Crimes against humanity trial overshadows Kenya elections

February 24, 2013 6:12 am

— A population divided —

Richard Dowden, director of Britain’s Royal African Society, has called the ICC issue an “exceedingly dangerous factor supercharging this election”.


“Those indicted may feel they have nothing to lose and their best bet is to get elected by any stratagem available” in the hope of defying the court once in office, Dowden wrote in a recent article.


“A vote in which one candidate has nothing to lose could turn into civil war,” he added, a grim warning many Kenyans might think an exaggeration.


At local levels, the issue of the ICC may be less important, with multiple elections for powerful regional governor positions, members of parliament and local councils potentially having more impact that top level politics.


But Human Rights Watch warns the risk of political violence is “perilously high”.


At least 484 people were killed and over 116,000 fled their homes due to ethnic violence last year, according to the United Nations.


Should Kenyatta win as the latest opinon polls suggest, the country could face the absence of its president and vice-president for several months – if not years – in The Hague.


Kenyatta’s and Ruto’s cases “could be as much of an issue in Kenya’s 2018 general elections as they are proving to be in 2013,” warned Gabrielle Lynch in a recent paper for Britain’s Chatham House.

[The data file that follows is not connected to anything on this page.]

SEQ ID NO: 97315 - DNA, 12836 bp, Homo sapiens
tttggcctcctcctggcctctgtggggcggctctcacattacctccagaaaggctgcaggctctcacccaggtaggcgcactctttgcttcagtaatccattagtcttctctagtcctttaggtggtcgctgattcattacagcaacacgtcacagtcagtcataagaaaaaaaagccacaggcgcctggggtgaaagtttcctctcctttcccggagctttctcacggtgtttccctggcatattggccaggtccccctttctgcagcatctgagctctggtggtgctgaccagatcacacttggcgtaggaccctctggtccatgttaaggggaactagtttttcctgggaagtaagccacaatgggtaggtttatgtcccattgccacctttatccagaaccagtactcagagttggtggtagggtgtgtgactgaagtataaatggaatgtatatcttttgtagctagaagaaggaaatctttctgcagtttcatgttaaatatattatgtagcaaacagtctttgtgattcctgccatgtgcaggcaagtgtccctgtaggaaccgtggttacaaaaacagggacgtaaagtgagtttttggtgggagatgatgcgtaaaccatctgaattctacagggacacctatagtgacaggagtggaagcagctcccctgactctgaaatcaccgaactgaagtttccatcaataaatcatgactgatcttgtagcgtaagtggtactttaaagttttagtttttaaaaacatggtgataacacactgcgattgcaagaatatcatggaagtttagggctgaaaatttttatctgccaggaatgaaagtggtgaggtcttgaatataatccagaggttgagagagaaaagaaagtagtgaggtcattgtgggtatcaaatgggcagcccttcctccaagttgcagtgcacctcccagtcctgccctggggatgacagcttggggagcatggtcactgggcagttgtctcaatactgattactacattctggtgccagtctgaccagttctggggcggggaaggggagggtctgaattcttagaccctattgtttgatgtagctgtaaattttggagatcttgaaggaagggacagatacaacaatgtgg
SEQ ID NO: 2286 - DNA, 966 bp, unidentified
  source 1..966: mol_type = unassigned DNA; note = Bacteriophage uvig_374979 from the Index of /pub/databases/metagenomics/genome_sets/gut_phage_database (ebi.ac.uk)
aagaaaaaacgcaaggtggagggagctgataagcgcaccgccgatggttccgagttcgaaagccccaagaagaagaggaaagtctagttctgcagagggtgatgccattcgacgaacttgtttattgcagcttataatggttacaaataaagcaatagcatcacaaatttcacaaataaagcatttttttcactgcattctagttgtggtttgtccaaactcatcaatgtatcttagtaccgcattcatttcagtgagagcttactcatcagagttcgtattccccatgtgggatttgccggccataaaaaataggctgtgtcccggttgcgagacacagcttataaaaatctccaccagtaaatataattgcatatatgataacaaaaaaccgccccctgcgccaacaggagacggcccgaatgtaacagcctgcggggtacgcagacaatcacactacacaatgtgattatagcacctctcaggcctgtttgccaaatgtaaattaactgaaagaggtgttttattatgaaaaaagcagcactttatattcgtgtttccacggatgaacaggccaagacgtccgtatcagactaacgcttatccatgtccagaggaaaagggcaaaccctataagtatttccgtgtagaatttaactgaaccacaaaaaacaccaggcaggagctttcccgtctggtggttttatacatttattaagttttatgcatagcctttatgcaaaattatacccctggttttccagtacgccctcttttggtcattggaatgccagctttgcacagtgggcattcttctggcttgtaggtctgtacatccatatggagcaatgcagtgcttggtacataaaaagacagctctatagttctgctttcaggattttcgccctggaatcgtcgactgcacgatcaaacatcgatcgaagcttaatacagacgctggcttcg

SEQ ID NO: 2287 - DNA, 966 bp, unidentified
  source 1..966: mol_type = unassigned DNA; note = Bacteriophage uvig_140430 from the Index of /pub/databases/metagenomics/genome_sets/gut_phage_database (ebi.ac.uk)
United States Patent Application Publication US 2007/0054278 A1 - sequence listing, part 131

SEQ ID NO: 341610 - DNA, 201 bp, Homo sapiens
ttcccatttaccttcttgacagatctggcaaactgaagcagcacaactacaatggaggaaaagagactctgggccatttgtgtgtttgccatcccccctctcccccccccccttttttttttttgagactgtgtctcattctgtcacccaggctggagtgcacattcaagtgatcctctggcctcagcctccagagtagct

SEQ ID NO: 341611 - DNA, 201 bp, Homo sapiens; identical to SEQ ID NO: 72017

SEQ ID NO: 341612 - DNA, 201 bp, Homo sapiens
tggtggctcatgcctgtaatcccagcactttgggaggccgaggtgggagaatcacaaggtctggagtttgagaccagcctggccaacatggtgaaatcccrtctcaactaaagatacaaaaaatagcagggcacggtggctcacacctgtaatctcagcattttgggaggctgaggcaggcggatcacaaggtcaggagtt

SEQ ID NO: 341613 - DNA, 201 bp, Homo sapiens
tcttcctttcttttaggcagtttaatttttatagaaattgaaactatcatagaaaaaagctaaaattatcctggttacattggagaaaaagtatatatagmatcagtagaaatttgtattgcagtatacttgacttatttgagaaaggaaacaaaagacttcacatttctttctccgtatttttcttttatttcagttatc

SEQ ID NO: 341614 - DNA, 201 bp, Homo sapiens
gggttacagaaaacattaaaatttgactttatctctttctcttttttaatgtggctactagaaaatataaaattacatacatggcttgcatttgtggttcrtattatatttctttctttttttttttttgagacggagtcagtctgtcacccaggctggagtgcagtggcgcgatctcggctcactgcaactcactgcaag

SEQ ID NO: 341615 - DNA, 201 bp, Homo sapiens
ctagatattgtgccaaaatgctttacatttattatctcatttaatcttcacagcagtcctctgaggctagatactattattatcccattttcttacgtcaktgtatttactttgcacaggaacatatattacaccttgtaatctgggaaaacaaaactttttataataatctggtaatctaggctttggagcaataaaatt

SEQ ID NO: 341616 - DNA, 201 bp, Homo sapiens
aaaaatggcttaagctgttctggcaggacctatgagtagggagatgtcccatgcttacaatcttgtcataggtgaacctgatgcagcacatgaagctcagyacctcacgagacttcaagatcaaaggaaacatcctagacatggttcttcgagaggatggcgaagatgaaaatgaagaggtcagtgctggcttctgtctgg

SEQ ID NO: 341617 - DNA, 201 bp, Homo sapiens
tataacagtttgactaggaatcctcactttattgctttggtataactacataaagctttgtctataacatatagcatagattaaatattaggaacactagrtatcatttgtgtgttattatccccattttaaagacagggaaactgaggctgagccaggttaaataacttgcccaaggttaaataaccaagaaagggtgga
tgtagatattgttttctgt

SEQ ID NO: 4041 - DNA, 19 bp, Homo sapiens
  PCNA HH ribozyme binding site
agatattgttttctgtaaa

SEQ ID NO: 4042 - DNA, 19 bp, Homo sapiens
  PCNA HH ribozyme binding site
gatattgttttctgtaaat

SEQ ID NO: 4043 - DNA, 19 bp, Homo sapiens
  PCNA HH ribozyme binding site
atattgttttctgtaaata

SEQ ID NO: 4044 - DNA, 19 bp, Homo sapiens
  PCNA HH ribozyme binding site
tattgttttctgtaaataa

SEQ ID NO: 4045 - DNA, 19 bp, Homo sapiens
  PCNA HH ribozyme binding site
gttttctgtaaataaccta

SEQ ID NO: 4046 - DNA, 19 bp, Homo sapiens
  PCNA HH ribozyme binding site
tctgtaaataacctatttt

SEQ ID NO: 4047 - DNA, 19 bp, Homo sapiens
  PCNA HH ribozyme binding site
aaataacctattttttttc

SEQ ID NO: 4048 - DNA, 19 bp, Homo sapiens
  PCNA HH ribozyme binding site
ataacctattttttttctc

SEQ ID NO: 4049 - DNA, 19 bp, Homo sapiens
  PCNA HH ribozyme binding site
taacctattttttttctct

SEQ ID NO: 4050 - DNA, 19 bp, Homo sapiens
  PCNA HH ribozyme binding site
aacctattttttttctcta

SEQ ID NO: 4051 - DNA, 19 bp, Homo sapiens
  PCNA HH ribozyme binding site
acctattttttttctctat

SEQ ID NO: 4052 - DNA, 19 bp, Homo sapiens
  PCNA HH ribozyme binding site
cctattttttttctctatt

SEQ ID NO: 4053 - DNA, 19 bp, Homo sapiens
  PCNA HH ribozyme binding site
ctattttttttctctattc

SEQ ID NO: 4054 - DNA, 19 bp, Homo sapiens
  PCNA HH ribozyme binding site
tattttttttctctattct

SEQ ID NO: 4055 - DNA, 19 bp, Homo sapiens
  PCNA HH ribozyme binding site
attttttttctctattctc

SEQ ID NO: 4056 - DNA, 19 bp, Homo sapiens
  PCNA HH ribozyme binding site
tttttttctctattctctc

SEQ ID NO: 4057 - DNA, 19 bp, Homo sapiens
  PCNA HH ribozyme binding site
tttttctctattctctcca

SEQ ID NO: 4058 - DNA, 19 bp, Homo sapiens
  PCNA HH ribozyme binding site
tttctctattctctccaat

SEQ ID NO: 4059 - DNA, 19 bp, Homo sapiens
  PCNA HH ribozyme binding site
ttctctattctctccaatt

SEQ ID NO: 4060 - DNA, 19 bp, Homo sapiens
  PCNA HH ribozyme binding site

Even if a victorious Kenyatta cooperates with the ICC – as he has promised – it could be “difficult for many countries to have normal diplomatic relations” while donors might reduce bilateral assistance, the ICG added.


However, diplomats say that legal restrictions only come into play should Kenyatta and Ruto end their cooperation with the court.


The same issues remain even if key rival Raila Odinga wins, should he then decide for political expediency – for example, not wanting to rile the supporters of a defeated Kenyatta – to allow the ICC indictees to avoid trial.


Some speculate Kenyatta may hope that potential sanctions are just rhetoric, since Kenya – currently fighting Al-Qaeda linked Islamists in Somalia – is of strategic economic, security and political interest to the West, Dowden added.


Kenya potentially could rely on other partners, especially China.


“Again and again over the last 50 years Kenyan politicians have been able to defy Western diplomatic pressure knowing Washington and London needs Kenya more than Kenya needs them,” Dowden said.

Part 1 | Part 2


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